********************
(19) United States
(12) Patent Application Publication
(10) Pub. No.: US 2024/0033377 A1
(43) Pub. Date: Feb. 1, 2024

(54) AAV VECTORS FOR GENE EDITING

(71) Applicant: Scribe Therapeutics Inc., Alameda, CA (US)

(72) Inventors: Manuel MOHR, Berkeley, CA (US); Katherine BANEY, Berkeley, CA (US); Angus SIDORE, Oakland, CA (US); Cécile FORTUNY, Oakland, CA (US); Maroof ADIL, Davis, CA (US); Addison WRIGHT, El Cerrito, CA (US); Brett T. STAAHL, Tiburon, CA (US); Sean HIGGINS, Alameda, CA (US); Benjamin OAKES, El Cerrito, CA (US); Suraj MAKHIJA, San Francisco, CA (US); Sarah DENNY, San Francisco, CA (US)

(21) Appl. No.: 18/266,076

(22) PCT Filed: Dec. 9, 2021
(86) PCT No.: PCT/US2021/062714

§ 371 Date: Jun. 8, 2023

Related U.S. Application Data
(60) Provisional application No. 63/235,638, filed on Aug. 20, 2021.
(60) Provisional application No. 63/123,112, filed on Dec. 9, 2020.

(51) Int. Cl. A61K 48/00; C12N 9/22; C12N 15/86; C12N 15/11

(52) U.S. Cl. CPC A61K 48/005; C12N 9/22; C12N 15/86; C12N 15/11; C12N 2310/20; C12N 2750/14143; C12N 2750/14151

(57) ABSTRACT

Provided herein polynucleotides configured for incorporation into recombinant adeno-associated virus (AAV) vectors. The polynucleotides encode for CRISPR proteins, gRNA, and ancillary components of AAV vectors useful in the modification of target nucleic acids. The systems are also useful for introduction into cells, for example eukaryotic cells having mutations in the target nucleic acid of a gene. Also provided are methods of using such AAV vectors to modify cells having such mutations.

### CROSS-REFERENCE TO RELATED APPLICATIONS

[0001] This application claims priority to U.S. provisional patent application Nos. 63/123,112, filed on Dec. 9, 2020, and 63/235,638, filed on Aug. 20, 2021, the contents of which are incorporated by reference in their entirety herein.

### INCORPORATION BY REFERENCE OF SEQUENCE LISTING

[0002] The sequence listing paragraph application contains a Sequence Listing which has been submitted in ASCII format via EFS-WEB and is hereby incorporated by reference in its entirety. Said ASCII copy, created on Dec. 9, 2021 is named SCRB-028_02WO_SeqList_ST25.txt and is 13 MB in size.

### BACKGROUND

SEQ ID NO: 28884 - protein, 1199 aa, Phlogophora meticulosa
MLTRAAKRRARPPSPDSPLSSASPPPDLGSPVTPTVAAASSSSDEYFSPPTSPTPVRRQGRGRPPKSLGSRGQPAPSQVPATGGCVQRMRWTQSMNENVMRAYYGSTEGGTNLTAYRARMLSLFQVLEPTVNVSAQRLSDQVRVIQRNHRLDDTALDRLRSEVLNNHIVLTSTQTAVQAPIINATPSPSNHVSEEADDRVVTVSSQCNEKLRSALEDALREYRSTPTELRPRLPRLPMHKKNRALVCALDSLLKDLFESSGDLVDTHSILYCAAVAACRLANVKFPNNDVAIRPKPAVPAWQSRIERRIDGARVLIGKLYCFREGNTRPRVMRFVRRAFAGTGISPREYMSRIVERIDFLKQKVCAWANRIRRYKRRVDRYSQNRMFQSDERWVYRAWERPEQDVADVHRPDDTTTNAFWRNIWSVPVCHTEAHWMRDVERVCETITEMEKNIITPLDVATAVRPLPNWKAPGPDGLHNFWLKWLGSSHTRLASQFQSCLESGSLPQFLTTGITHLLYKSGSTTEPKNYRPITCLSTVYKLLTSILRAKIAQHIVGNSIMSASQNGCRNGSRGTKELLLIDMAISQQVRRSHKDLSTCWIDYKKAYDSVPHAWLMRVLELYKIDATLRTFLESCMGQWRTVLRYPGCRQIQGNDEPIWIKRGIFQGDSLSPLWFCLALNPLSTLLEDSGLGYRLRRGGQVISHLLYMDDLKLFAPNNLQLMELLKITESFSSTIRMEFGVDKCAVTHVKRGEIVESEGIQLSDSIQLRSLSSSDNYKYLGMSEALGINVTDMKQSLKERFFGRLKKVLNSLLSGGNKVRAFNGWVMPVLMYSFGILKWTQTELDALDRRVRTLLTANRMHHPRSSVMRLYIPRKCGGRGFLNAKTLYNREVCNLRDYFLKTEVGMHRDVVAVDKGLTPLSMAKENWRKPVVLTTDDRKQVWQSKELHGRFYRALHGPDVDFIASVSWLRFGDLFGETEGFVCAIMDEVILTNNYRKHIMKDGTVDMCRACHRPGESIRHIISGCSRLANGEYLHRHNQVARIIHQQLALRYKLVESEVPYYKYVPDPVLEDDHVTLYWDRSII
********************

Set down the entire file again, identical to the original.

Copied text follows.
(19) United States
(12) Patent Application Publication
(10) Pub. No.: US 2024/0033377 A1
(43) Pub. Date: Feb. 1, 2024

(54) AAV VECTORS FOR GENE EDITING

(71) Applicant: Scribe Therapeutics Inc., Alameda, CA (US)

(72) Inventors: Manuel MOHR, Berkeley, CA (US); Katherine BANEY, Berkeley, CA (US); Angus SIDORE, Oakland, CA (US); Cécile FORTUNY, Oakland, CA (US); Maroof ADIL, Davis, CA (US); Addison WRIGHT, El Cerrito, CA (US); Brett T. STAAHL, Tiburon, CA (US); Sean HIGGINS, Alameda, CA (US); Benjamin OAKES, El Cerrito, CA (US); Suraj MAKHIJA, San Francisco, CA (US); Sarah DENNY, San Francisco, CA (US)

(21) Appl. No.: 18/266,076

(22) PCT Filed: Dec. 9, 2021
(86) PCT No.: PCT/US2021/062714

§ 371 Date: Jun. 8, 2023

Related U.S. Application Data
(60) Provisional application No. 63/235,638, filed on Aug. 20, 2021.
(60) Provisional application No. 63/123,112, filed on Dec. 9, 2020.

(51) Int. Cl. A61K 48/00; C12N 9/22; C12N 15/86; C12N 15/11

(52) U.S. Cl. CPC A61K 48/005; C12N 9/22; C12N 15/86; C12N 15/11; C12N 2310/20; C12N 2750/14143; C12N 2750/14151

(57) ABSTRACT

Provided herein polynucleotides configured for incorporation into recombinant adeno-associated virus (AAV) vectors. The polynucleotides encode for CRISPR proteins, gRNA, and ancillary components of AAV vectors useful in the modification of target nucleic acids. The systems are also useful for introduction into cells, for example eukaryotic cells having mutations in the target nucleic acid of a gene. Also provided are methods of using such AAV vectors to modify cells having such mutations.

### CROSS-REFERENCE TO RELATED APPLICATIONS

[0001] This application claims priority to U.S. provisional patent application Nos. 63/123,112, filed on Dec. 9, 2020, and 63/235,638, filed on Aug. 20, 2021, the contents of which are incorporated by reference in their entirety herein.

### INCORPORATION BY REFERENCE OF SEQUENCE LISTING

[0002] The sequence listing paragraph application contains a Sequence Listing which has been submitted in ASCII format via EFS-WEB and is hereby incorporated by reference in its entirety. Said ASCII copy, created on Dec. 9, 2021 is named SCRB-028_02WO_SeqList_ST25.txt and is 13 MB in size.

### BACKGROUND

SEQ ID NO: 28884 - protein, 1199 aa, Phlogophora meticulosa
MLTRAAKRRARPPSPDSPLSSASPPPDLGSPVTPTVAAASSSSDEYFSPPTSPTPVRRQGRGRPPKSLGSRGQPAPSQVPATGGCVQRMRWTQSMNENVMRAYYGSTEGGTNLTAYRARMLSLFQVLEPTVNVSAQRLSDQVRVIQRNHRLDDTALDRLRSEVLNNHIVLTSTQTAVQAPIINATPSPSNHVSEEADDRVVTVSSQCNEKLRSALEDALREYRSTPTELRPRLPRLPMHKKNRALVCALDSLLKDLFESSGDLVDTHSILYCAAVAACRLANVKFPNNDVAIRPKPAVPAWQSRIERRIDGARVLIGKLYCFREGNTRPRVMRFVRRAFAGTGISPREYMSRIVERIDFLKQKVCAWANRIRRYKRRVDRYSQNRMFQSDERWVYRAWERPEQDVADVHRPDDTTTNAFWRNIWSVPVCHTEAHWMRDVERVCETITEMEKNIITPLDVATAVRPLPNWKAPGPDGLHNFWLKWLGSSHTRLASQFQSCLESGSLPQFLTTGITHLLYKSGSTTEPKNYRPITCLSTVYKLLTSILRAKIAQHIVGNSIMSASQNGCRNGSRGTKELLLIDMAISQQVRRSHKDLSTCWIDYKKAYDSVPHAWLMRVLELYKIDATLRTFLESCMGQWRTVLRYPGCRQIQGNDEPIWIKRGIFQGDSLSPLWFCLALNPLSTLLEDSGLGYRLRRGGQVISHLLYMDDLKLFAPNNLQLMELLKITESFSSTIRMEFGVDKCAVTHVKRGEIVESEGIQLSDSIQLRSLSSSDNYKYLGMSEALGINVTDMKQSLKERFFGRLKKVLNSLLSGGNKVRAFNGWVMPVLMYSFGILKWTQTELDALDRRVRTLLTANRMHHPRSSVMRLYIPRKCGGRGFLNAKTLYNREVCNLRDYFLKTEVGMHRDVVAVDKGLTPLSMAKENWRKPVVLTTDDRKQVWQSKELHGRFYRALHGPDVDFIASVSWLRFGDLFGETEGFVCAIMDEVILTNNYRKHIMKDGTVDMCRACHRPGESIRHIISGCSRLANGEYLHRHNQVARIIHQQLALRYKLVESEVPYYKYVPDPVLEDDHVTLYWDRSII